Miles Ahead: A Fantasy Football Story
Not since the days of Lesean McCoy’s tenure in Philadelphia has there been a workhorse back in the Eagles’ backfield. Whether it was the split of Demarco Murray and Ryan Matthews in 2016, the timeshare between Jay Ajayi, Darren Sproles and LeGarrette Blount in 2017, or the logjam of Josh Adams, Wendell Smallwood, and Corey Clement in 2018, the Eagles backfield for fantasy purposes has been a minefield.
Eagles’ head coach Doug Pederson has always reaffirmed that a backfield committee was his preference. Back in September, he said in a press conference, “I believe the National Football League season is a grueling, grinding season, particularly on running backs… if you don’t have a couple of guys that you can really hang your hat on, it’s hard to get through a season …” For most of the season, he has been a man of his word. Former Chicago Bear Jordan Howard was splitting time with Penn State rookie Miles Sanders, while the ageless scatback Darren Sproles mixed in here and there.
It goes without saying, but the “running back by committee” model is perplexing for fantasy football. Split opportunity among running backs presents an element of unknown for fantasy managers. Will it be a “Jordan Howard” week? Will Miles Sanders get the more valuable pass catching work? Will each running back cannibalize the other’s fantasy value to a point where they cannot be relied on to start? When it comes to the RBBC, it’s a flip of the coin whether or not you choose the right guy.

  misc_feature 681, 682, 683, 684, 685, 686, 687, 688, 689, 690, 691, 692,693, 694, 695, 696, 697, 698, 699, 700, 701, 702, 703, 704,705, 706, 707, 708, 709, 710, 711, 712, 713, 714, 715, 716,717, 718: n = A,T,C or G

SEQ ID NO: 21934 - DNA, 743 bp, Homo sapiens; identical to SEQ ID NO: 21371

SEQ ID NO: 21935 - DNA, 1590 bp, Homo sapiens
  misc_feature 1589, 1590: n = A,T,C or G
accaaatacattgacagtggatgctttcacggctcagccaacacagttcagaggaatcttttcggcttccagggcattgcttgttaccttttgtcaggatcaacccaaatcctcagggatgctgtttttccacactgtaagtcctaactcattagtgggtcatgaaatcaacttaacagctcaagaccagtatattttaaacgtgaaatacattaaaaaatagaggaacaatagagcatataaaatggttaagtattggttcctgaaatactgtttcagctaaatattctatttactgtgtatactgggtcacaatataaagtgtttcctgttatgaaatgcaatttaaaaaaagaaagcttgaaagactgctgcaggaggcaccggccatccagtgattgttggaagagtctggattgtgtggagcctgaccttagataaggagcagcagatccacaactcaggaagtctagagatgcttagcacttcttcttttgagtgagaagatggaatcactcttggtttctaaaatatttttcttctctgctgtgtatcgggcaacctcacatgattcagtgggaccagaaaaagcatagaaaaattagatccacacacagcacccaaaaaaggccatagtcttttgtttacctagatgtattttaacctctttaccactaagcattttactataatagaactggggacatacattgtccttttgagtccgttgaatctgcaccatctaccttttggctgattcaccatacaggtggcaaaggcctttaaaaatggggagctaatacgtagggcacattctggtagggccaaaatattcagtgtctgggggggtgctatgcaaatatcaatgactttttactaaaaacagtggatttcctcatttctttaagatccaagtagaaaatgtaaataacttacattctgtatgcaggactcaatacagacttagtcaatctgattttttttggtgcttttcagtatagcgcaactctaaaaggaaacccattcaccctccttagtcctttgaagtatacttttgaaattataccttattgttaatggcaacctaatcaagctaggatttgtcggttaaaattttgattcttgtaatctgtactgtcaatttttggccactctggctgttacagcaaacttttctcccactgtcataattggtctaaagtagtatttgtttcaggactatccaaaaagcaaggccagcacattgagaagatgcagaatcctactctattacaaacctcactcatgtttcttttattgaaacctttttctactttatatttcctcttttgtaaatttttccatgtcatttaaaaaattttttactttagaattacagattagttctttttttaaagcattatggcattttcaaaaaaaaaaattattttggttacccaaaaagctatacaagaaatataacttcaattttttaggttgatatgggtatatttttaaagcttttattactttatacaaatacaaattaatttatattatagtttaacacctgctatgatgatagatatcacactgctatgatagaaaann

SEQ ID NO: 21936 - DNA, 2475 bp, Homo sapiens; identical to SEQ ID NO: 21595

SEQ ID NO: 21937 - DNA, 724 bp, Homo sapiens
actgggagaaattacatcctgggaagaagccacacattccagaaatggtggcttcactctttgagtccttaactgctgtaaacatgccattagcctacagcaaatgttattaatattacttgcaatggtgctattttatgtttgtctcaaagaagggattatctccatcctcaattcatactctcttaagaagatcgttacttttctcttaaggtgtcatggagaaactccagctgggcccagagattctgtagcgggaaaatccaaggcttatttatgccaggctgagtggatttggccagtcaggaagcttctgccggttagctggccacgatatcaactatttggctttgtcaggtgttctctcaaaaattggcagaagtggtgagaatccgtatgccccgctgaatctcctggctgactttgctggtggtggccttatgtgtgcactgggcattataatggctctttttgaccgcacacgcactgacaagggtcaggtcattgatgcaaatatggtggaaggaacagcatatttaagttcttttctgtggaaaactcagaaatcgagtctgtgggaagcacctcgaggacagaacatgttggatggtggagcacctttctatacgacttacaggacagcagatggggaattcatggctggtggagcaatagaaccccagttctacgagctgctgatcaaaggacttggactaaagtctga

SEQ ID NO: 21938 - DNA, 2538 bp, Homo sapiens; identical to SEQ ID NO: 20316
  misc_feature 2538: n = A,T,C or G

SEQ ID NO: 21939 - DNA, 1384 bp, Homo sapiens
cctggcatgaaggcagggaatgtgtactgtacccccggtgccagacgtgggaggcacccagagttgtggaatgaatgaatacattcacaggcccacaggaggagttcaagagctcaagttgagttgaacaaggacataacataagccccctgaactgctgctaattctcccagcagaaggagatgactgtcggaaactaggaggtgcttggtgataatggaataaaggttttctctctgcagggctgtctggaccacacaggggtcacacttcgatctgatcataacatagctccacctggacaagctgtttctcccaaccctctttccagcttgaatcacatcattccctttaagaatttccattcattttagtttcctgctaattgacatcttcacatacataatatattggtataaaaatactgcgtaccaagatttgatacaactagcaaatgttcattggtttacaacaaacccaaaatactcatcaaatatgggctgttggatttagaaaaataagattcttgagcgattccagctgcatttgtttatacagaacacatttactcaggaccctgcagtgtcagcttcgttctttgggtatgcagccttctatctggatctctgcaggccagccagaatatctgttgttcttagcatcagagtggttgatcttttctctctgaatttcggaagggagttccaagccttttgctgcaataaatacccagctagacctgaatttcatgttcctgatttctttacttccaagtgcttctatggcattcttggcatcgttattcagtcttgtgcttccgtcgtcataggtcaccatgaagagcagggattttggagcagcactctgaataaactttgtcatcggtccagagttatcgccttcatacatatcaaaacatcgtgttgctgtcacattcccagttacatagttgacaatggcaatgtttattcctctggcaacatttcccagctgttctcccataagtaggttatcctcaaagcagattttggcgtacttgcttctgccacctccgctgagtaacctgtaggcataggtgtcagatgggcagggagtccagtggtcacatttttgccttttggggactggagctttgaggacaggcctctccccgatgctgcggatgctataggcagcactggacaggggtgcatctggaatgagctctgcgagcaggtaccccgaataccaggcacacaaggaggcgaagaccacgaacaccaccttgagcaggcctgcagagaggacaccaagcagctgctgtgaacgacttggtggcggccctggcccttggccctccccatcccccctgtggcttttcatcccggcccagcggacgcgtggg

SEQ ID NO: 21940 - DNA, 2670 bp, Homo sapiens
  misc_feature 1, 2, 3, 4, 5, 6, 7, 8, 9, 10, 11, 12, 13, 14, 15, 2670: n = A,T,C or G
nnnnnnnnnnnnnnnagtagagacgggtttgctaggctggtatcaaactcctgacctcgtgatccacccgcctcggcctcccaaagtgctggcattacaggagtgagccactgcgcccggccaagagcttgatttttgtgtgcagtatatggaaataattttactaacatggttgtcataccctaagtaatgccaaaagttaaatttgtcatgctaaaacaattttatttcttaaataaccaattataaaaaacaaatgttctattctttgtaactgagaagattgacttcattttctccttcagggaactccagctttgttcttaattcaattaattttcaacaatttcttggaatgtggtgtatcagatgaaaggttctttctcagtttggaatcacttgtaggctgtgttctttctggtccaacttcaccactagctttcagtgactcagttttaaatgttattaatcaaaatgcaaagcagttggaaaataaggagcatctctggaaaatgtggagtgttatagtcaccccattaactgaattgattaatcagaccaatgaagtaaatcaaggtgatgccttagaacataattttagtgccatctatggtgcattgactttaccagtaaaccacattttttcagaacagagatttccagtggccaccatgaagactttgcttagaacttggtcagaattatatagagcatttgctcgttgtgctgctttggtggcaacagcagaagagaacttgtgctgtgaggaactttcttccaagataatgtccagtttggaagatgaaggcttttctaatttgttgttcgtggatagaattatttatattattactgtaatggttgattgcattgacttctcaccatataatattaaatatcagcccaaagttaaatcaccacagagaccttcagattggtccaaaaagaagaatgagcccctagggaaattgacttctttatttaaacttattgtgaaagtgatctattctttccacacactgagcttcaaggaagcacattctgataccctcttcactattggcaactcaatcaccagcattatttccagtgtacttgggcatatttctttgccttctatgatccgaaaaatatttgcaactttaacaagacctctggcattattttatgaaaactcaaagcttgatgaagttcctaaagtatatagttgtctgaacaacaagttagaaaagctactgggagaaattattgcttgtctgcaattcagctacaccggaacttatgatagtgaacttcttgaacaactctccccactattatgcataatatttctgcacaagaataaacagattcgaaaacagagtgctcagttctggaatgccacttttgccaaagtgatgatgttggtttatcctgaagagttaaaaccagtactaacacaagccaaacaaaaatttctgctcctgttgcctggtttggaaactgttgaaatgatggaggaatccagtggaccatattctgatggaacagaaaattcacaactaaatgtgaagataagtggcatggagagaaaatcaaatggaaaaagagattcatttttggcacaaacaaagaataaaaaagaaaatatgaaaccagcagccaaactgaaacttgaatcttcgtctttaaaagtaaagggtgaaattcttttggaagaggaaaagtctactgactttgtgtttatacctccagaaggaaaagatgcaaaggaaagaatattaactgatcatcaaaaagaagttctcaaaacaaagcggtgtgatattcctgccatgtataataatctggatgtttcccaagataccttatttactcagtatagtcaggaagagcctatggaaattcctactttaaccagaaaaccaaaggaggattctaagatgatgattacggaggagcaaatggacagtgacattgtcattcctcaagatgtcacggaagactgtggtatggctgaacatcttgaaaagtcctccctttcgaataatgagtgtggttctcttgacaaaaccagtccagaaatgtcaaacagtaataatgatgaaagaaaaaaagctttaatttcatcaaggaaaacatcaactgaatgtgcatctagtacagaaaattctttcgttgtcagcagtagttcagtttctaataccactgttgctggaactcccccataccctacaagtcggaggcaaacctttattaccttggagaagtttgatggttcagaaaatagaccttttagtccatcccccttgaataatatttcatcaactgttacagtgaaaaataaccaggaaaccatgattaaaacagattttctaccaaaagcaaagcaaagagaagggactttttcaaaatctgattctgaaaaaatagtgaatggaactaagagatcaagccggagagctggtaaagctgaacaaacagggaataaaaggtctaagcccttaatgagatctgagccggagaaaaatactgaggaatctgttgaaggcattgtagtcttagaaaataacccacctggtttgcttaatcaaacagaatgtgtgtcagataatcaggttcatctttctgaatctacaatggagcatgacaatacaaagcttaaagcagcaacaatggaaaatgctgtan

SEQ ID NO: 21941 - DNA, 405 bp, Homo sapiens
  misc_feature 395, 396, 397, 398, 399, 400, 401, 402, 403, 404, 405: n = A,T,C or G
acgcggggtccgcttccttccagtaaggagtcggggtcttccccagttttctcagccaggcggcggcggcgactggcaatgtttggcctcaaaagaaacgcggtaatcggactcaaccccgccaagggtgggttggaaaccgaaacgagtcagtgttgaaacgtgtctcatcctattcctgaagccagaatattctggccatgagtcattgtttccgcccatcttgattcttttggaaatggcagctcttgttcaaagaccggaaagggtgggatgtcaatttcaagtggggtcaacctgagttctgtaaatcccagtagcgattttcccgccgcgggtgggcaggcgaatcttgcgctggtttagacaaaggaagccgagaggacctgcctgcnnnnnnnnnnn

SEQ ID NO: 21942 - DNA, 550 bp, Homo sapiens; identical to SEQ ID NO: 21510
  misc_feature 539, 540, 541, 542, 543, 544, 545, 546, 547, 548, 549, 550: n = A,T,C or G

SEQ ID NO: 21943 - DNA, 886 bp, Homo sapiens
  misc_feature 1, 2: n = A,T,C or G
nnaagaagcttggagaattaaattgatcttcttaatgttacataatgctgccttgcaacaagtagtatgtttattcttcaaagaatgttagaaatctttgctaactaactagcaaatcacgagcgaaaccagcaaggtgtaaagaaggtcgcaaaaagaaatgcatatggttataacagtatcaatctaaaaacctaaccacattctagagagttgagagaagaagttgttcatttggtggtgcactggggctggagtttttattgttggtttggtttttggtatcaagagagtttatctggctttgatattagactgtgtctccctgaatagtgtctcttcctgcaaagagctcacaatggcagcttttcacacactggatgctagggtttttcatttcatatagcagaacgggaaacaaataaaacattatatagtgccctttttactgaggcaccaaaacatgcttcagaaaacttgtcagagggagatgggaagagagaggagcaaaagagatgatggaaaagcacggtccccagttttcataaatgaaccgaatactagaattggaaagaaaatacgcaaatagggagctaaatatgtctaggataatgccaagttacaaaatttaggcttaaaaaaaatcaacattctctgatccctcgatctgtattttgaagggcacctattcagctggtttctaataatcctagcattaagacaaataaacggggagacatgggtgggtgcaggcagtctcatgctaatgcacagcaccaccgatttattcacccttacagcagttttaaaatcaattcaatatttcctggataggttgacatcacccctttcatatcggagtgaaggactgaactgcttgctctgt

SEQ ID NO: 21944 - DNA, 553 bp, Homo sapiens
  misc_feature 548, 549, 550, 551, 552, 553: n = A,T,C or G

Neither Jordan Howard nor Miles Sanders, despite both being tremendously talented, could steal the lead back role for themselves. In a one-two punch combination, the Howard/Sanders duo was effective for the Eagles running game, but it was horrendous for each players’ fantasy prospects. In the first nine weeks of the season, Jordan Howard averaged 12.4 PPR points per game, only scoring double digit points in four of them. His snap count fluctuated greatly each week, playing more snaps than his running mate Sanders in only four of nine contests.